Aug 202014

The average Islamic extremist when he has time to think about anything other that licking his favourite pig, is under the mistaken belief that the western world is fundamentally weak. Weakened by our dissipated and irreligious lives; weakened by our usual sympathy for the underdog.

This is perfectly understandable for the moronic medieval minds that most Islamic extremists carry around with them. Because in some ways the west does look weak.

But the west is not weak as it has shown again and again since the start of WWII. However it is reluctant to start anything without taking care that it is doing the right thing. Time and again, whenever the west has gotten involved with something without thinking enough in advance (Vietnam, Iraq, etc.) it has gotten bogged down in something it realises that it shouldn’t have started.

But the west will get involved if it is provoked enough and it believes that it is on the right side.

The beheading of James Foley by the pig-licking thugs sometimes known as ISIS, ISIL, IS or just Daesh would appear on the surface to be an attempt to discourage the US and the west from getting involved. It would seem that the US air strikes and the push by the Kurdish and Iraqi military have started making things difficult for IS, and they would like to stop the US air strikes.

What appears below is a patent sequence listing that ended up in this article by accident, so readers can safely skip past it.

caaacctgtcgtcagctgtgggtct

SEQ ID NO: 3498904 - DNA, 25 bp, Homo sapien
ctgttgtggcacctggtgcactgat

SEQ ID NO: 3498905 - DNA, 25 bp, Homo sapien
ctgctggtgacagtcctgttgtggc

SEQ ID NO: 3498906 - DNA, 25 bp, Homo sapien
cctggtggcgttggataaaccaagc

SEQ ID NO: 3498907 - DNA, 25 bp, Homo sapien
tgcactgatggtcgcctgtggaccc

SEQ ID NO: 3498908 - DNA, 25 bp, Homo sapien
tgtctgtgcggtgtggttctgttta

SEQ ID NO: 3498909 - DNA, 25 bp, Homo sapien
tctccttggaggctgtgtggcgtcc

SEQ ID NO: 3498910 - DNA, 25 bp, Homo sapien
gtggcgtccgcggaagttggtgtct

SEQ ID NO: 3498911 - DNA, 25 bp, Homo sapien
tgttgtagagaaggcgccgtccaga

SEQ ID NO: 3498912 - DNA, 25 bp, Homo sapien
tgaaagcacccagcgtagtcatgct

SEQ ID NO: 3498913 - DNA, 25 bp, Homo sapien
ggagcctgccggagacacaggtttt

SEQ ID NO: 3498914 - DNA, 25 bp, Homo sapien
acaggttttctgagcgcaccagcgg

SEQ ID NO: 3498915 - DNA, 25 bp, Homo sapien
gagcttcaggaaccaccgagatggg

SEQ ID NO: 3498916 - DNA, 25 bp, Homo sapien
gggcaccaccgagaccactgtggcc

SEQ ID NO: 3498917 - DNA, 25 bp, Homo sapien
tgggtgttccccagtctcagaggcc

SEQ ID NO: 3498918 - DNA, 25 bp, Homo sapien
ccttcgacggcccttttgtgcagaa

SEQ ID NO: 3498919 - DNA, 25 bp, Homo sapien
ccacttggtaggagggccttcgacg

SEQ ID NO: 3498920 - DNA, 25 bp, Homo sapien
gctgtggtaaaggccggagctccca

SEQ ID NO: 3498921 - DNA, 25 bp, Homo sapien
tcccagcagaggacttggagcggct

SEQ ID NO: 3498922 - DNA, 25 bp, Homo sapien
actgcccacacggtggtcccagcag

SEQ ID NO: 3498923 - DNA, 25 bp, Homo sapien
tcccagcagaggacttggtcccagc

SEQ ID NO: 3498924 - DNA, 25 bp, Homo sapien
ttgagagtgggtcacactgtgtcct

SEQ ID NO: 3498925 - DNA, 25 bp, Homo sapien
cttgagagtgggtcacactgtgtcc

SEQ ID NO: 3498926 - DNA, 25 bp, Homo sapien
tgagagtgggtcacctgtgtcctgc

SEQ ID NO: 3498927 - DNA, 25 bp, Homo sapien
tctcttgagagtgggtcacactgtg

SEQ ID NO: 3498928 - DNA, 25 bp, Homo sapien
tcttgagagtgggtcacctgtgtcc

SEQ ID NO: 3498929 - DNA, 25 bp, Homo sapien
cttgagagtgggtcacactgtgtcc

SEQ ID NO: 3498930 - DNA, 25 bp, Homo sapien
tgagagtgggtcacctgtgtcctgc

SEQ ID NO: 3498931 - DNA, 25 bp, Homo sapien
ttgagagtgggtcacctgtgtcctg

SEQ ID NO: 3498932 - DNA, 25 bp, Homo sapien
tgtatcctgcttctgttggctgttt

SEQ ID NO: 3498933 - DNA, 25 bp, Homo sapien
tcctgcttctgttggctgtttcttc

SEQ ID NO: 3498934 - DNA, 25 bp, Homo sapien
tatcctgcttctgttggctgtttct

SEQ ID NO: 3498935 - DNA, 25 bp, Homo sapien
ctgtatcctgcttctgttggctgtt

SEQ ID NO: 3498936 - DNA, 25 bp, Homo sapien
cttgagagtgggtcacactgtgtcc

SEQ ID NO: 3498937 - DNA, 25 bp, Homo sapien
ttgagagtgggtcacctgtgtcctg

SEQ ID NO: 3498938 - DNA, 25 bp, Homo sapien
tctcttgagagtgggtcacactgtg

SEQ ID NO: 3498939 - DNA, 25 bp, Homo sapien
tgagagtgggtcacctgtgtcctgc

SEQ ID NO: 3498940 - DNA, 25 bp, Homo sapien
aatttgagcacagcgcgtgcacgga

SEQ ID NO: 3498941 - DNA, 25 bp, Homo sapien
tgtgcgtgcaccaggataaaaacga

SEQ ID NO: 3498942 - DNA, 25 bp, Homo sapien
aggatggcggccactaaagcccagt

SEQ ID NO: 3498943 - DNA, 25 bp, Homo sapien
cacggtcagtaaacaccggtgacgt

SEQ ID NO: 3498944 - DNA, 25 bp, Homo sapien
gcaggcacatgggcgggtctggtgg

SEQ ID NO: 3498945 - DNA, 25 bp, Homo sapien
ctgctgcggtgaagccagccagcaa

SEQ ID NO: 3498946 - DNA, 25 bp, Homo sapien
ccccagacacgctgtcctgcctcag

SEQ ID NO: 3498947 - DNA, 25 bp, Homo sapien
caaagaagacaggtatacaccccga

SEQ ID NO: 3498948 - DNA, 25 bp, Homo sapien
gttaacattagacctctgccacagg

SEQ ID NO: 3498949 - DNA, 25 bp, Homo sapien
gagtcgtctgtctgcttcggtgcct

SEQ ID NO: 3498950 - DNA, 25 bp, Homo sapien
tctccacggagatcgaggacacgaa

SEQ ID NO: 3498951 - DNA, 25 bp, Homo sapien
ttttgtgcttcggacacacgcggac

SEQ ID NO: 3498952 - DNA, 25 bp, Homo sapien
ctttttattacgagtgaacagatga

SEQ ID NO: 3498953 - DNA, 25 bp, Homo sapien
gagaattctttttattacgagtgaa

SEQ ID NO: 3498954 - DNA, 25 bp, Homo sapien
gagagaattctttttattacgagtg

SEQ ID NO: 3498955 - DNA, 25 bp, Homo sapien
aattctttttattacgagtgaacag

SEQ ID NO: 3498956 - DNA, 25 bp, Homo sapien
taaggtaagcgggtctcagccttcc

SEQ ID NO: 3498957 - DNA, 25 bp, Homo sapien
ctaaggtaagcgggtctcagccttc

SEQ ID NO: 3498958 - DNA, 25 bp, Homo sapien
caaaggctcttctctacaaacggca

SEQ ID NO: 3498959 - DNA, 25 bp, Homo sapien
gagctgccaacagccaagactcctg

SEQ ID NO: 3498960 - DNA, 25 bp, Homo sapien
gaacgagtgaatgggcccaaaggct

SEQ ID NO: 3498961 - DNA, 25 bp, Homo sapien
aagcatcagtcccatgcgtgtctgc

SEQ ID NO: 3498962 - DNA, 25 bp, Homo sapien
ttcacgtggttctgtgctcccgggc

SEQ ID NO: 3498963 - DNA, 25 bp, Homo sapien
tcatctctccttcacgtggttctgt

What they have accomplished is to encourage the US and the rest of the west to stay involved and take more measures.

They may regard themselves as some sort of ultra-religious freedom fighters, but anybody who uses extortion, flogging, amputations, rape, and indiscriminate killings are nothing more mindless pig-licking thugs.




Jun 162014

There is a fair bit of news around at present with respect to the current sectarian conflict in Iraq, including the news of mass killings by ISIS. And of course we have a number of talking heads appearing on TV talking about the causes of the sectarian conflict. And often blaming the US intervention in Iraq.

Which is of course a complete red herring.

The previous regime in Iraq kept the lid on sectarian conflicts between Shias and Sunnis with extreme repression. Even a very superficial look at the history of the conflict shows that sectarian conflict was almost inevitable after the removal of Saddam Hussain.

And the blame for that conflict lies with the extremists within both Shia and Sunni communities – not with the Americans or British who fought to remove Saddam Hussain. Whilst the western forces may well be guilty of many things – including human rights abuses – this sectarian conflict is not something they brought about.

Ultimately sectarian conflicts in Iraq can only be solved by the Iraqis themselves.


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